Sweden’s Nordea Bank Sees Profit of €40 Million From Russian Investments…..Russian Lending Rose 8.2%

Posted: December 9, 2014 in Econ 101, Sanctions on Russia Meaningless

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Nordea’s Russian Profits Rise as Ruble Slump Hits Firms

Nordea Bank AB (NDA), the Nordic region’s largest lender, is benefiting from European sanctions against Russia as a weaker ruble helps its profitability in the country.

“We’re probably more profitable there today than ever before because of the lower ruble as our income is in dollars and euros,” Casper von Koskull, who heads Nordea’s wholesale banking, said in an interview in Stockholm on Dec. 5.

The ruble has plunged amid a 30 percent-plus drop in crude prices since June and the imposition of European and U.S. sanctions, which have hurt growth. Other European companies with assets in Russia, including utilities EON SE and Fortum Oyj, may take a hit from the ruble’s slump as a weaker currency pares the converted value of their Russian sales, according to Bloomberg Intelligence analyst Elchin Mammadov.

Nordea’s total lending in Russia rose 8.2 percent over the third quarter to 6.6 billion euros ($8.1 billion), mainly helped by appreciation of the U.S. dollar, which makes up about 70 percent of the lending portfolio. It reported an operating profit of 40 million euros in Russia in the third quarter.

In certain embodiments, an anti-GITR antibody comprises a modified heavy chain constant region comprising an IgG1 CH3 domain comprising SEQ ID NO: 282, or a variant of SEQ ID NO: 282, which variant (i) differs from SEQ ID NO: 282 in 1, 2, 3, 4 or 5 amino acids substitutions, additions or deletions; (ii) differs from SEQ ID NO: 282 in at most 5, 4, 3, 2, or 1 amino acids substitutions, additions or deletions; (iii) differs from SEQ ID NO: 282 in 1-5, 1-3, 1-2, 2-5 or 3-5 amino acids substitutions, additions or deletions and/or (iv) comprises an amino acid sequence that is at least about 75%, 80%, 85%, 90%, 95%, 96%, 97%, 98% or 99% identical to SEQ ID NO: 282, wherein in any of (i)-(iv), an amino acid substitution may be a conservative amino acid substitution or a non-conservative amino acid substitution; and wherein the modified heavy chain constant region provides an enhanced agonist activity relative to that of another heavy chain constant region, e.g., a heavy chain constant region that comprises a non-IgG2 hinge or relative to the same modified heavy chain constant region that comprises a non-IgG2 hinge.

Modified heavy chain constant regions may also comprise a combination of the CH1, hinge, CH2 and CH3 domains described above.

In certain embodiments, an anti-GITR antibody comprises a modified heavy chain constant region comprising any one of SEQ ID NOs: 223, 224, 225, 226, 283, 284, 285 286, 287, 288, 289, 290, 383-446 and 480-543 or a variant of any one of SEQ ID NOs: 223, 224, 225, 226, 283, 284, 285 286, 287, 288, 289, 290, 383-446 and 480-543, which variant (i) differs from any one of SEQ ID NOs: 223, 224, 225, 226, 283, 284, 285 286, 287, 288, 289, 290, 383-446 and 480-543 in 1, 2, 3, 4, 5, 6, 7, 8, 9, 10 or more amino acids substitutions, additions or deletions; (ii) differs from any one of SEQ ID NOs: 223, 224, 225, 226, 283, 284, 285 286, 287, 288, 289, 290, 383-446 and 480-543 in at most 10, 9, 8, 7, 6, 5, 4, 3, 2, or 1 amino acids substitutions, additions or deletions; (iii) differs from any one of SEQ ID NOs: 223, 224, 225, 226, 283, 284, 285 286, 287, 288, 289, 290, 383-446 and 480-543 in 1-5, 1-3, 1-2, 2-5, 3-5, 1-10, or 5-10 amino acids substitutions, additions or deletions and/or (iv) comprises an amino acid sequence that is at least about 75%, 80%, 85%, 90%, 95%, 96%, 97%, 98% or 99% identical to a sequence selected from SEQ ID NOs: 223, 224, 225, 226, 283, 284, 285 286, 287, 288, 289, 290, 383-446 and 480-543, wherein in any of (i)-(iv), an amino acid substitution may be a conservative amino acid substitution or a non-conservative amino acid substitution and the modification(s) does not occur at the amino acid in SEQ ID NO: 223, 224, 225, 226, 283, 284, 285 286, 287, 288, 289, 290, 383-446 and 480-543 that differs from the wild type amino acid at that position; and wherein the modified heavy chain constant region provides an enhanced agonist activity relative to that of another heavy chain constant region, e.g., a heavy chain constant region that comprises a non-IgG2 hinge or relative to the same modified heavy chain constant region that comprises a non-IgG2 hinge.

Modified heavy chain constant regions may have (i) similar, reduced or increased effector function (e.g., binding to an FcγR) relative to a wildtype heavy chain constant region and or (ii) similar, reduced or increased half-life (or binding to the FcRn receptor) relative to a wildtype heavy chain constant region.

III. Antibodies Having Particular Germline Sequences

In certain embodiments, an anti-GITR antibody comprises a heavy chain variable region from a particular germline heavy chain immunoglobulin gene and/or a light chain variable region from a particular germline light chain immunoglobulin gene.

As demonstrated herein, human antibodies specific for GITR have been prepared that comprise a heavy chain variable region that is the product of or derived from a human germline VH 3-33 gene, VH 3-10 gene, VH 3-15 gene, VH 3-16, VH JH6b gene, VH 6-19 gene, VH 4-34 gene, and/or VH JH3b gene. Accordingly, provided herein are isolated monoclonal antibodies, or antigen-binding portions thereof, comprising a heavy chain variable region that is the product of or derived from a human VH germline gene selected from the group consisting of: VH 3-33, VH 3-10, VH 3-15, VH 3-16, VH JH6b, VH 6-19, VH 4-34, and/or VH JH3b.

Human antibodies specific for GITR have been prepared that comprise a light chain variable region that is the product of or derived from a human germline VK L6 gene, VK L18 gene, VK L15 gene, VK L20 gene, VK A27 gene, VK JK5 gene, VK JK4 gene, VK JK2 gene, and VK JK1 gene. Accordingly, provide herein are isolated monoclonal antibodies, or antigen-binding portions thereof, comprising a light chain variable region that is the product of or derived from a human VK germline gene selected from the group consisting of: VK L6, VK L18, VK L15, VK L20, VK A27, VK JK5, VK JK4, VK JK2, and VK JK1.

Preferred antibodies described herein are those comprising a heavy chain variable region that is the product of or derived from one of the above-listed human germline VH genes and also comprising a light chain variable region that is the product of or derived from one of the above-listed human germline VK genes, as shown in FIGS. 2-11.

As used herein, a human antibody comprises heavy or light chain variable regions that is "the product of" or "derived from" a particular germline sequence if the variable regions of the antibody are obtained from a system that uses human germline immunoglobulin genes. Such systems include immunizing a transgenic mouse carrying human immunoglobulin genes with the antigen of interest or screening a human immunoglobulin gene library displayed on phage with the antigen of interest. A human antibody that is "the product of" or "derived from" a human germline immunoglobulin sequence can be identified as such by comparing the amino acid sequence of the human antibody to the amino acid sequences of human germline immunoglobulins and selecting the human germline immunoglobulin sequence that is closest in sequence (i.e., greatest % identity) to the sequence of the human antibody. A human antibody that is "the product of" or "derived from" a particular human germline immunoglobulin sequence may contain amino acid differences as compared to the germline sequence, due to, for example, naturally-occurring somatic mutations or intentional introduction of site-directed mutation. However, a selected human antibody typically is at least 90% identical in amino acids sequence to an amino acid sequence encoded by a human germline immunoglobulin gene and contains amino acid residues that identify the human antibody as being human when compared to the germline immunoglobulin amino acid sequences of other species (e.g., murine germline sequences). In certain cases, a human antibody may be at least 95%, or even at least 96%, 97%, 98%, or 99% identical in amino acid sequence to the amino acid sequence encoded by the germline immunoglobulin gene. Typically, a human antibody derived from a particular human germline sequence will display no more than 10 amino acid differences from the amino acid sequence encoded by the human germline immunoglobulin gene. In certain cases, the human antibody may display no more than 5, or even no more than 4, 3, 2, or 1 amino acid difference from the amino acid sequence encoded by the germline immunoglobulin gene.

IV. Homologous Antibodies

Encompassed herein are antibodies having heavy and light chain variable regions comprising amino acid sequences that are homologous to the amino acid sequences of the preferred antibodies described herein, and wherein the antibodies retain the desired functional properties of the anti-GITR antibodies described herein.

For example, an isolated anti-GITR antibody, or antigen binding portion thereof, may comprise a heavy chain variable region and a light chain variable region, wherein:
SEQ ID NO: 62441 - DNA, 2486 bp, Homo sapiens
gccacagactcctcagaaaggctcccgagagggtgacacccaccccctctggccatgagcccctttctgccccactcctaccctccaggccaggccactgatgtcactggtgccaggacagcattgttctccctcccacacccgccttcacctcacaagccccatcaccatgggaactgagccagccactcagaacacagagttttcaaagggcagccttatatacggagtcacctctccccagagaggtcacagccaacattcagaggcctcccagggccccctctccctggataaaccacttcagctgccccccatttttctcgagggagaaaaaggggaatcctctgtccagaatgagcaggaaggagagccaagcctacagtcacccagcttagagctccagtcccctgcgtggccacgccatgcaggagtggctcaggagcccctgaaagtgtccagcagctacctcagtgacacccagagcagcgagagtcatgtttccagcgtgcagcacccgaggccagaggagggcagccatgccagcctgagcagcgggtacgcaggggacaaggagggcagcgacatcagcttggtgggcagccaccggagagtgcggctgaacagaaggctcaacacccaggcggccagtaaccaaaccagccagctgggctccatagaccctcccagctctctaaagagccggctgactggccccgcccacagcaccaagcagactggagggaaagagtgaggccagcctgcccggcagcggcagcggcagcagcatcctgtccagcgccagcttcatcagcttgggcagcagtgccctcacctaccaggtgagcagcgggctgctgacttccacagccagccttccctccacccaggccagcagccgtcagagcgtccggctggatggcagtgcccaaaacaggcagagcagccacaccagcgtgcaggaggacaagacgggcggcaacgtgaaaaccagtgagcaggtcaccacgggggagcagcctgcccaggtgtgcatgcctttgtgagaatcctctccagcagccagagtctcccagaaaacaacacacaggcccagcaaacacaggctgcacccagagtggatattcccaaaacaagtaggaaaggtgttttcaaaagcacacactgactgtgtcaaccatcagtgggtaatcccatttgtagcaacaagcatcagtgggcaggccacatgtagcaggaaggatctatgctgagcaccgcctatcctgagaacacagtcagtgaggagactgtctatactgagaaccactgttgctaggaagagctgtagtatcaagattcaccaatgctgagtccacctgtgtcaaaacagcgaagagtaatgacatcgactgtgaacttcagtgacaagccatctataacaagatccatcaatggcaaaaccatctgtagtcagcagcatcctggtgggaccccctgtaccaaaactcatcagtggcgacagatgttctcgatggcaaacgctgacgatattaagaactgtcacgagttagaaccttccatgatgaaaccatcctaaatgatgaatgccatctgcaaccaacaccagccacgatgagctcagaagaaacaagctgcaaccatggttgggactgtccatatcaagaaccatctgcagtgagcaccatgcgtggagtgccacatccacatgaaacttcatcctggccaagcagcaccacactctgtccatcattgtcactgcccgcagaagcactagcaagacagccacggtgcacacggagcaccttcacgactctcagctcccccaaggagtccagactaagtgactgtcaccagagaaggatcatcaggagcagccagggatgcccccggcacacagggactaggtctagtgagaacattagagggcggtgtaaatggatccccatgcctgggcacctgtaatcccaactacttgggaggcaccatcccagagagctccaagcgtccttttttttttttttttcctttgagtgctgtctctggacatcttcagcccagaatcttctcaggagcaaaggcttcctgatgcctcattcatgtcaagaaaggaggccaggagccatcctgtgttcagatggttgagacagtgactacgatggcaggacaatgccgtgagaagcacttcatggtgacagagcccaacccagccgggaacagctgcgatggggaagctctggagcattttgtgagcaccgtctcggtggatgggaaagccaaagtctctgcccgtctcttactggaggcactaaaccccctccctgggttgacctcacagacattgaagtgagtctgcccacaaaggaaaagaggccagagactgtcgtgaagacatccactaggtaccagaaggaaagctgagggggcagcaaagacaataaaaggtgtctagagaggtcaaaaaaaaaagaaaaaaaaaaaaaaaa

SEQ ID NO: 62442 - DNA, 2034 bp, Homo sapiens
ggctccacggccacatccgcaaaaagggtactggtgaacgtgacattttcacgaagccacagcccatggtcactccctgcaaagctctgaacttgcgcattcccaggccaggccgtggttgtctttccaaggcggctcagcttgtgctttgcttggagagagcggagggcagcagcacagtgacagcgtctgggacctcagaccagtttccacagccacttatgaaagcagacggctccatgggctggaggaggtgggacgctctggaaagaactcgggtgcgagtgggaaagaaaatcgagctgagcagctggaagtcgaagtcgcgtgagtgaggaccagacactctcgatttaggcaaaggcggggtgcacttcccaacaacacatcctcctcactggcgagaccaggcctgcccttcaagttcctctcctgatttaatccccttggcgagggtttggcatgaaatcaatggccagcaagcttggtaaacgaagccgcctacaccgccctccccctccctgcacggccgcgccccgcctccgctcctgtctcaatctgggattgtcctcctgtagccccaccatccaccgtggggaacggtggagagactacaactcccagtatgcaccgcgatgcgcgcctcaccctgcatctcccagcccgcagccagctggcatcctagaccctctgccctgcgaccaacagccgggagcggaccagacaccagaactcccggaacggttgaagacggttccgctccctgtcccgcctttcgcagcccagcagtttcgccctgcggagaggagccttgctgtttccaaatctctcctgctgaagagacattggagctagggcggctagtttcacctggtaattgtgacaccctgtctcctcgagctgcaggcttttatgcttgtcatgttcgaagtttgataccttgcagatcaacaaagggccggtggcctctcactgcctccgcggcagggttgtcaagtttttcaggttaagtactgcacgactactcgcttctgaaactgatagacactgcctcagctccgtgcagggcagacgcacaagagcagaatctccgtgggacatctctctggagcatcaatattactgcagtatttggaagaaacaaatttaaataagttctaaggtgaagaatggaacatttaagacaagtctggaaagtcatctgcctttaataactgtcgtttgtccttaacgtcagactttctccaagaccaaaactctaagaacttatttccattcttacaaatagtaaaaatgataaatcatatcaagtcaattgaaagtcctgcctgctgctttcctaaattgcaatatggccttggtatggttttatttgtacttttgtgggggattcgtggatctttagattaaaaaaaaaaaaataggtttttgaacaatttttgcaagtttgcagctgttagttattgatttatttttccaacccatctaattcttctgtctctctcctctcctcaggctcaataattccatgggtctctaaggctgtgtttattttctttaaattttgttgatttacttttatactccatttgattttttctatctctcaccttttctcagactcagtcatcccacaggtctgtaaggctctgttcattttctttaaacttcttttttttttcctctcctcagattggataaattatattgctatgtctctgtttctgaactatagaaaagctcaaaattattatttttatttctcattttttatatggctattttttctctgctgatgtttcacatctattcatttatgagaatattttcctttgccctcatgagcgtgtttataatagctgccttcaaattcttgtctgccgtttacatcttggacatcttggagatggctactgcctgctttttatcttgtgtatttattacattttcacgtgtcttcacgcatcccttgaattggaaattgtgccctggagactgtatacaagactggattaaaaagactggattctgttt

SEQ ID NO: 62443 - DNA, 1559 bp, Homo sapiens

“It’s about maintaining that and we have a robust credit portfolio,” von Koskull said. The bank is planning to retain its portfolio in Russia rather than growing it, he said, adding that the developments in Russia have so far had limited impact on the Russian operations, which focus on Nordic companies.

In its third-quarter report published on Oct. 22, Nordea said that “in Russia, customer activity was at a satisfactory level, despite a slowdown in the economy and low capital investments, caused by the geopolitical uncertainty and ruble volatility.” Nordea “closely monitors the development and is well prepared in case of further escalation.”

The sanctions and the Russian slowdown could still have indirect effects on other markets where Nordea operates, such as Finland, von Koskull said. If the situation escalates it could also start hurting the big European economies, such as Germany, he said.

“I think we’ll see a prolonged downturn in Russia even in a good scenario,” he said. The situation in Russia is “a geopolitical risk for European growth and confidence.”

SOURCE: http://www.bloomberg.com/news/2014-12-08/nordea-s-russian-profits-advance-as-ruble-slump-hits-other-firms.html

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